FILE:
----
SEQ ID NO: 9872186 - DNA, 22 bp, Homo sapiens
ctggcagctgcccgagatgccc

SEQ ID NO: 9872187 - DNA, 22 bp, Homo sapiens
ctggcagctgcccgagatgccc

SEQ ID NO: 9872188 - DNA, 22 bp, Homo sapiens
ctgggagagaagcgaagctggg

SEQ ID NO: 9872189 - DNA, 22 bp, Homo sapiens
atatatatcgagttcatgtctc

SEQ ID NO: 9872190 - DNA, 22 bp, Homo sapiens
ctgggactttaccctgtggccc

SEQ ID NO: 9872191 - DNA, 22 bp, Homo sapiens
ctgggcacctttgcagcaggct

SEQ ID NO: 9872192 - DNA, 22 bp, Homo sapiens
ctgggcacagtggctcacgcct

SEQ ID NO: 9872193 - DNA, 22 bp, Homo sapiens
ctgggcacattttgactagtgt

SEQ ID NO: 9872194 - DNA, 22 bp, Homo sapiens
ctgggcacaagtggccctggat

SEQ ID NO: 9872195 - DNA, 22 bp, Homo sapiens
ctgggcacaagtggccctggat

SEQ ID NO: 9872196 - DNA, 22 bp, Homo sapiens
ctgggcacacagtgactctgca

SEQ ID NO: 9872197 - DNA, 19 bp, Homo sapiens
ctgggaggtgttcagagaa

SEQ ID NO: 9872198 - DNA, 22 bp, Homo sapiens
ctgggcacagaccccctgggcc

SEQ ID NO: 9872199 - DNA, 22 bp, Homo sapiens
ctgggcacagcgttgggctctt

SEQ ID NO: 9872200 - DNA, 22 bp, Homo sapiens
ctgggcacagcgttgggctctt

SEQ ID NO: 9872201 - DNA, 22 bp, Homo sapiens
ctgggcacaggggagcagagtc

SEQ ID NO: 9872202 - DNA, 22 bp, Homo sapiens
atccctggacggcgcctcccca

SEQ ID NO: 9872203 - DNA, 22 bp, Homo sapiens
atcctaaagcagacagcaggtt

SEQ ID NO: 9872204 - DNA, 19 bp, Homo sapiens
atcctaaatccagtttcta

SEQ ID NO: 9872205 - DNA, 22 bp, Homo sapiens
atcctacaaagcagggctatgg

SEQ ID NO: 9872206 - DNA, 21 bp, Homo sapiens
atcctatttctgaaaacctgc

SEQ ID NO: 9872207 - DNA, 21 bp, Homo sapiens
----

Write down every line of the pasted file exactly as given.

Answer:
SEQ ID NO: 9872186 - DNA, 22 bp, Homo sapiens
ctggcagctgcccgagatgccc

SEQ ID NO: 9872187 - DNA, 22 bp, Homo sapiens
ctggcagctgcccgagatgccc

SEQ ID NO: 9872188 - DNA, 22 bp, Homo sapiens
ctgggagagaagcgaagctggg

SEQ ID NO: 9872189 - DNA, 22 bp, Homo sapiens
atatatatcgagttcatgtctc

SEQ ID NO: 9872190 - DNA, 22 bp, Homo sapiens
ctgggactttaccctgtggccc

SEQ ID NO: 9872191 - DNA, 22 bp, Homo sapiens
ctgggcacctttgcagcaggct

SEQ ID NO: 9872192 - DNA, 22 bp, Homo sapiens
ctgggcacagtggctcacgcct

SEQ ID NO: 9872193 - DNA, 22 bp, Homo sapiens
ctgggcacattttgactagtgt

SEQ ID NO: 9872194 - DNA, 22 bp, Homo sapiens
ctgggcacaagtggccctggat

SEQ ID NO: 9872195 - DNA, 22 bp, Homo sapiens
ctgggcacaagtggccctggat

SEQ ID NO: 9872196 - DNA, 22 bp, Homo sapiens
ctgggcacacagtgactctgca

SEQ ID NO: 9872197 - DNA, 19 bp, Homo sapiens
ctgggaggtgttcagagaa

SEQ ID NO: 9872198 - DNA, 22 bp, Homo sapiens
ctgggcacagaccccctgggcc

SEQ ID NO: 9872199 - DNA, 22 bp, Homo sapiens
ctgggcacagcgttgggctctt

SEQ ID NO: 9872200 - DNA, 22 bp, Homo sapiens
ctgggcacagcgttgggctctt

SEQ ID NO: 9872201 - DNA, 22 bp, Homo sapiens
ctgggcacaggggagcagagtc

SEQ ID NO: 9872202 - DNA, 22 bp, Homo sapiens
atccctggacggcgcctcccca

SEQ ID NO: 9872203 - DNA, 22 bp, Homo sapiens
atcctaaagcagacagcaggtt

SEQ ID NO: 9872204 - DNA, 19 bp, Homo sapiens
atcctaaatccagtttcta

SEQ ID NO: 9872205 - DNA, 22 bp, Homo sapiens
atcctacaaagcagggctatgg

SEQ ID NO: 9872206 - DNA, 21 bp, Homo sapiens
atcctatttctgaaaacctgc

SEQ ID NO: 9872207 - DNA, 21 bp, Homo sapiens